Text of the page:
File No. 30/27/2018-Insolvency Section
Government of India
Ministry of Corporate Affairs
Date: 24th November 2021
Invitation of comments from public on Cross-Border Insolvency under Insolvency and Bankruptcy Code, 2016
'Cross-border insolvency' denotes circumstances in which an insolvent debtor has assets and/or creditors in more than one country. With the rapid increase in globalisation and the advent of sophisticated communications technology, cross-border trade and investment has increased the dependence of national economies on each other. The impact of business failure in such a globalised market economy often spans beyond national boundaries. Consequently, insolvency laws need to account for domestic as well as cross-border scenarios.
Domestic insolvency laws, inter alia, deal with establishing rights of various stakeholders during insolvency proceedings and prescribe procedures at various stages of the proceedings, such as locating the debtor's assets; identifying creditors of the debtor and their claims; establishing the manner of determining the means of repaying creditors and making distributions based on priority rules, etc. In a cross-border insolvency context, the law in a country will need to provide additional rules to deal with complexities such as the extent of access available to foreign insolvency practitioners to assets held in the respective country; rights of foreign creditors in respect of distribution in the respective country; the validity of orders of an adjudicatory forum in a foreign country, etc.
Such additional complexities in dealing with cross-border insolvencies result in uncertainty, risk, and ultimately costs to businesses. To resolve these concerns holistically, the need for having robust institutional arrangements to deal with cross-border insolvency issues has gained momentum in various jurisdictions, particularly under the aegis of UNCITRAL Model Law, during the last few decades. This note discusses the policy deliberations on the enactment of a cross-border insolvency law in India.
India reformed its erstwhile insolvency regime by enacting the Insolvency and Bankruptcy Code, 2016 ("IBC/Code") that inter alia consolidates the laws relating to insolvency of corporate entities, individuals and partnership firms. The Code has transformed the insolvency landscape in the country by providing reorganization, liquidation and bankruptcy processes that aim at maximizing the value of assets in a time-bound manner, promote entrepreneurship, availability of credit, and balance the interests of all stakeholders.
The initial draft of the Insolvency and Bankruptcy Bill did not contain any provisions to deal with cross-border insolvency. The Bankruptcy Law Reforms Committee ("BLRC"), which recommended the design of the IBC, noted the following in its report in November 2015 –
"The Committee has taken up, and attempted to comprehensively solve, the question of bankruptcy and insolvency insofar as it is a purely domestic question. This is an important first milestone for India.
The next frontier lies in addressing cross-border issues. This includes Indian financial firms having claims upon defaulting firms which are global, or global financial persons having claims upon Indian defaulting firms.
Some important elements of internationalization – foreign holders of corporate bonds issued in India, or borrowing abroad by an Indian firm – are dealt with by the present report. However, there are many other elements of cross border insolvency which are not addressed by this report. Examples of these problems include thousands of Indian firms have become multinationals, and Indian financial investors that lend to overseas persons.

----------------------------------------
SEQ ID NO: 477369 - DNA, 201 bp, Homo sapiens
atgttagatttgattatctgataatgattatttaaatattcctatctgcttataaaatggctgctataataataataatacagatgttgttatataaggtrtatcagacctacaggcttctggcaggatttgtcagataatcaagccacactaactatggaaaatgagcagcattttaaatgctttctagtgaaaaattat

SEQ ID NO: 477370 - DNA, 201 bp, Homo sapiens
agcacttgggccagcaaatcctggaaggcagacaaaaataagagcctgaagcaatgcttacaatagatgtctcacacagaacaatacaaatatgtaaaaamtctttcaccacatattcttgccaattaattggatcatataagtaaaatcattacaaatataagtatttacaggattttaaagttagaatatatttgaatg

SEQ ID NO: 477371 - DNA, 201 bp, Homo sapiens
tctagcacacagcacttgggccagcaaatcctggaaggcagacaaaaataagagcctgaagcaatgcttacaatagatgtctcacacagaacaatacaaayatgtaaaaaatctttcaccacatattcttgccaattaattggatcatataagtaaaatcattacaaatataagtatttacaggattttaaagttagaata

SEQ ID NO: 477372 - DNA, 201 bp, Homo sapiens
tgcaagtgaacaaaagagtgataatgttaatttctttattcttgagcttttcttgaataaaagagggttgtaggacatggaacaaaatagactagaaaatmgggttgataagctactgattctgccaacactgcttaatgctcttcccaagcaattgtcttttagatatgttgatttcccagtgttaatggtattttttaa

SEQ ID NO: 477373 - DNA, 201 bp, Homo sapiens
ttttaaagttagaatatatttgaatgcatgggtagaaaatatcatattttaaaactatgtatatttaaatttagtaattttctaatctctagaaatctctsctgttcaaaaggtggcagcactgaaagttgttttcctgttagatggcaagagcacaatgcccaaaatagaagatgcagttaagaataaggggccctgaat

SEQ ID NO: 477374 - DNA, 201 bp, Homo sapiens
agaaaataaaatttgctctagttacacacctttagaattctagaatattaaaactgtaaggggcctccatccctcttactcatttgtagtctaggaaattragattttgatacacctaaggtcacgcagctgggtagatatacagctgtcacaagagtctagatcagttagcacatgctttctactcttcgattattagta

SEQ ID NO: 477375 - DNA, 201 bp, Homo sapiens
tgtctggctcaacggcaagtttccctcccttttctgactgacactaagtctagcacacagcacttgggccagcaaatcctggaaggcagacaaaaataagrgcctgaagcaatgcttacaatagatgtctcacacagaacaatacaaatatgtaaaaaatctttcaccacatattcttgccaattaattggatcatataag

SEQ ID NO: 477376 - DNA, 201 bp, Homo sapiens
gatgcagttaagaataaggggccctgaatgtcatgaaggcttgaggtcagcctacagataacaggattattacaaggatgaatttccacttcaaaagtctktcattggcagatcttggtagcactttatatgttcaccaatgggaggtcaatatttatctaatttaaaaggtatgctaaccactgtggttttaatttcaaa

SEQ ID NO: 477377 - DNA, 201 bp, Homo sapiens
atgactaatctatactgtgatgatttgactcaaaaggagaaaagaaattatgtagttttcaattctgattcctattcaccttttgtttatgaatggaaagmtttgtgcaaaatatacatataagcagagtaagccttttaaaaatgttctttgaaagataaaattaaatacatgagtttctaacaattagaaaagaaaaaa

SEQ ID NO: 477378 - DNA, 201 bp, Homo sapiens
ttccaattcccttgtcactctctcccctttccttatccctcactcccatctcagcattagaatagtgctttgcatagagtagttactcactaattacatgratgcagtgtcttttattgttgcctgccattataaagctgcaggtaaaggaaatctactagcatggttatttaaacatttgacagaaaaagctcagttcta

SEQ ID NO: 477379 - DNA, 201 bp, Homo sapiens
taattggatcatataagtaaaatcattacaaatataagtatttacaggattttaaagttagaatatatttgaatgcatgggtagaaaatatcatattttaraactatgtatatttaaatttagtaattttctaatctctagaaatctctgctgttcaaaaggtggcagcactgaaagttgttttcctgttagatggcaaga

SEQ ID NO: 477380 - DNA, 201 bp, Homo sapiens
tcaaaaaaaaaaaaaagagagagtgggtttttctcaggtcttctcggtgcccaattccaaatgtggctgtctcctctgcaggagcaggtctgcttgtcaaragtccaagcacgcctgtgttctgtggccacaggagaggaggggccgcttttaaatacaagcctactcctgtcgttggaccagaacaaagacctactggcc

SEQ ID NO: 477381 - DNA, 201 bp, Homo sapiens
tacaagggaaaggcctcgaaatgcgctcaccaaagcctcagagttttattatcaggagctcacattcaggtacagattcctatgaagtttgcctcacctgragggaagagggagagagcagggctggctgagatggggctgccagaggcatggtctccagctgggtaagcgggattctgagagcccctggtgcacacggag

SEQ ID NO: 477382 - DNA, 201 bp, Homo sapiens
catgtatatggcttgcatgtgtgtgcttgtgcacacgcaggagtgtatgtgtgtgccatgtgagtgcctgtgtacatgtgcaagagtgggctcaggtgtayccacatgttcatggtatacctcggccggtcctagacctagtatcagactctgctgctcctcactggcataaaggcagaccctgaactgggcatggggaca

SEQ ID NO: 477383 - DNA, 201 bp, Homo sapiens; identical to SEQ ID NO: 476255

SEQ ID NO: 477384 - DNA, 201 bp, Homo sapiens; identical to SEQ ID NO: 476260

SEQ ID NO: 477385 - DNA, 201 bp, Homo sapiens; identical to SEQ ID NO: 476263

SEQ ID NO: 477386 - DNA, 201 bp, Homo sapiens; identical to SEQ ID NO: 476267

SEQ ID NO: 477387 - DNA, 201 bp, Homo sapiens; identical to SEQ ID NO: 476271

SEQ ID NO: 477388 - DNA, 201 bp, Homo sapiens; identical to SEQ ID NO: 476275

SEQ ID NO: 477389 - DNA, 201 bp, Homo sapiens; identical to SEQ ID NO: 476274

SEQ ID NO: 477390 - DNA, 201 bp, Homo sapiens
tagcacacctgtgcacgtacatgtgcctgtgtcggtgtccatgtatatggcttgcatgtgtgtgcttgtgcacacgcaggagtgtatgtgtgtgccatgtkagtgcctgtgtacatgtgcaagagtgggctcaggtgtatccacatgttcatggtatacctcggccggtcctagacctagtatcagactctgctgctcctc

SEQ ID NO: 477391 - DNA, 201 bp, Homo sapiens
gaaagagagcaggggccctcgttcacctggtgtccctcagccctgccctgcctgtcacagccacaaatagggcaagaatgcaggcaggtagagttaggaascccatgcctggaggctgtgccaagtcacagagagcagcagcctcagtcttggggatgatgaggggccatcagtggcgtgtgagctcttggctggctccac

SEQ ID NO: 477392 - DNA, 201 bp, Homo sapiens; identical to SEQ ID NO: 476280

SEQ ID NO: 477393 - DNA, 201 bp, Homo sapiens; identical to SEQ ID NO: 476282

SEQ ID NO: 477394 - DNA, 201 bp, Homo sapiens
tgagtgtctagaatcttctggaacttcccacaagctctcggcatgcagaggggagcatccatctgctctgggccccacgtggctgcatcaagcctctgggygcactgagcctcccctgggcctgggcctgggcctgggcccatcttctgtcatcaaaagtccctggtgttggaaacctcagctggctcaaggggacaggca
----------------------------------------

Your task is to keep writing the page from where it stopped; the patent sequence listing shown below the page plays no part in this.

The Committee proposes to take up this work in the next stage of its deliberations." The draft Bill prepared based on the recommendations of the BLRC was reviewed by a Joint Parliamentary Committee ("JPC") before its enactment. The JPC made several changes to the draft Bill and made the following observations in respect of cross-border insolvency in its report in April 2016 –
"The Committee deliberated the issue and noted that 'The Code at present does not explicitly deal with issues and text related to cross border insolvency. However given that many corporate transactions and businesses today involve an international and cross border element, the implications of cross border insolvency cannot be ignored for too long if India is to have a comprehensive and long lasting insolvency law as the Code aims to achieve. Not incorporating this will lead to an incomplete Code"
Thereafter, two provisions were added to the draft Bill to deal with cross-border insolvency issues - Sections 234 and 235 of the IBC. Section 234 empowers the Central Government to enter into bilateral agreements with other countries to resolve situations of cross-border insolvency. Section 235 allows the Adjudicating Authority ("AA") to issue a letter of request to a court in a country with which an agreement under Section 234 has been entered into, to deal with assets situated in that country.
These provisions provide a basic framework for cross-border insolvency. Entering into agreements or treaties with various countries may be time-consuming, costly, and involve multiple negotiations. Further, in scenarios where multiple countries are involved in an insolvency proceeding, balancing competing clauses of such treaties may become difficult to handle. This was also acknowledged by the JPC and is evident from its observation where it
noted that "But cross border insolvency has a larger issue. There can be a multinational company having branches elsewhere and they actually go for liquidation somewhere. That may have a ramification. There are various other issues. Later on, these issues perhaps could be considered."
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